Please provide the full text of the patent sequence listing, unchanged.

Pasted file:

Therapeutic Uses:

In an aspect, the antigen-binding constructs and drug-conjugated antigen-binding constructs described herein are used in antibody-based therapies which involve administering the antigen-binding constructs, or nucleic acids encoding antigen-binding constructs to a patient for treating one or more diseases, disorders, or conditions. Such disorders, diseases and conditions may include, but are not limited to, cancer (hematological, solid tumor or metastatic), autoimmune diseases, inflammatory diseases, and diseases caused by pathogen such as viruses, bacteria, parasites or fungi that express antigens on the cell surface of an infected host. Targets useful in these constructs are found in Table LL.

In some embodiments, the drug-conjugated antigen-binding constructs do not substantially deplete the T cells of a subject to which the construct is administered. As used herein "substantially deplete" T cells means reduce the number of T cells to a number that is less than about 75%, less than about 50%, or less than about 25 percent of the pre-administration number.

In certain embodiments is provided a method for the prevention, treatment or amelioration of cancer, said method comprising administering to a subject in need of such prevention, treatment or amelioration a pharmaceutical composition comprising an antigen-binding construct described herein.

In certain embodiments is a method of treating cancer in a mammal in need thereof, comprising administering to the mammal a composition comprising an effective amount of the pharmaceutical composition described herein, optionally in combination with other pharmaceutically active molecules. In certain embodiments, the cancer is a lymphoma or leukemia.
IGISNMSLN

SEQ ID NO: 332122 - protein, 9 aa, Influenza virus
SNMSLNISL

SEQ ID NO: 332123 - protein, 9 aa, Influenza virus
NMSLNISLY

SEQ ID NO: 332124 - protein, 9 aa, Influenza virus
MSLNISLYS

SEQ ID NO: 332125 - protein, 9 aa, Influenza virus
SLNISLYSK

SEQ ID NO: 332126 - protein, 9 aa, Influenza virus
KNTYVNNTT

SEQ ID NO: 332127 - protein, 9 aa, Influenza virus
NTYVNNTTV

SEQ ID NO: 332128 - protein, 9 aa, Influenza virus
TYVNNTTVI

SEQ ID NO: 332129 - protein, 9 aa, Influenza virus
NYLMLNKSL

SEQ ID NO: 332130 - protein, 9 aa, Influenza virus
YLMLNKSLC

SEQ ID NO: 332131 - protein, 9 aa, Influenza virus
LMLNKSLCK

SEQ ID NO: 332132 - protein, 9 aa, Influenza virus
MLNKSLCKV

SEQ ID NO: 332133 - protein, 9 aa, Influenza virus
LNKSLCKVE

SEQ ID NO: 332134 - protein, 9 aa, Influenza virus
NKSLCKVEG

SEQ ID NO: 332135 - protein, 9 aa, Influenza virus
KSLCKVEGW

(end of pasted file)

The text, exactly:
Therapeutic Uses:

In an aspect, the antigen-binding constructs and drug-conjugated antigen-binding constructs described herein are used in antibody-based therapies which involve administering the antigen-binding constructs, or nucleic acids encoding antigen-binding constructs to a patient for treating one or more diseases, disorders, or conditions. Such disorders, diseases and conditions may include, but are not limited to, cancer (hematological, solid tumor or metastatic), autoimmune diseases, inflammatory diseases, and diseases caused by pathogen such as viruses, bacteria, parasites or fungi that express antigens on the cell surface of an infected host. Targets useful in these constructs are found in Table LL.

In some embodiments, the drug-conjugated antigen-binding constructs do not substantially deplete the T cells of a subject to which the construct is administered. As used herein "substantially deplete" T cells means reduce the number of T cells to a number that is less than about 75%, less than about 50%, or less than about 25 percent of the pre-administration number.

In certain embodiments is provided a method for the prevention, treatment or amelioration of cancer, said method comprising administering to a subject in need of such prevention, treatment or amelioration a pharmaceutical composition comprising an antigen-binding construct described herein.

In certain embodiments is a method of treating cancer in a mammal in need thereof, comprising administering to the mammal a composition comprising an effective amount of the pharmaceutical composition described herein, optionally in combination with other pharmaceutically active molecules. In certain embodiments, the cancer is a lymphoma or leukemia.
IGISNMSLN

SEQ ID NO: 332122 - protein, 9 aa, Influenza virus
SNMSLNISL

SEQ ID NO: 332123 - protein, 9 aa, Influenza virus
NMSLNISLY

SEQ ID NO: 332124 - protein, 9 aa, Influenza virus
MSLNISLYS

SEQ ID NO: 332125 - protein, 9 aa, Influenza virus
SLNISLYSK

SEQ ID NO: 332126 - protein, 9 aa, Influenza virus
KNTYVNNTT

SEQ ID NO: 332127 - protein, 9 aa, Influenza virus
NTYVNNTTV

SEQ ID NO: 332128 - protein, 9 aa, Influenza virus
TYVNNTTVI

SEQ ID NO: 332129 - protein, 9 aa, Influenza virus
NYLMLNKSL

SEQ ID NO: 332130 - protein, 9 aa, Influenza virus
YLMLNKSLC

SEQ ID NO: 332131 - protein, 9 aa, Influenza virus
LMLNKSLCK

SEQ ID NO: 332132 - protein, 9 aa, Influenza virus
MLNKSLCKV

SEQ ID NO: 332133 - protein, 9 aa, Influenza virus
LNKSLCKVE

SEQ ID NO: 332134 - protein, 9 aa, Influenza virus
NKSLCKVEG

SEQ ID NO: 332135 - protein, 9 aa, Influenza virus
KSLCKVEGW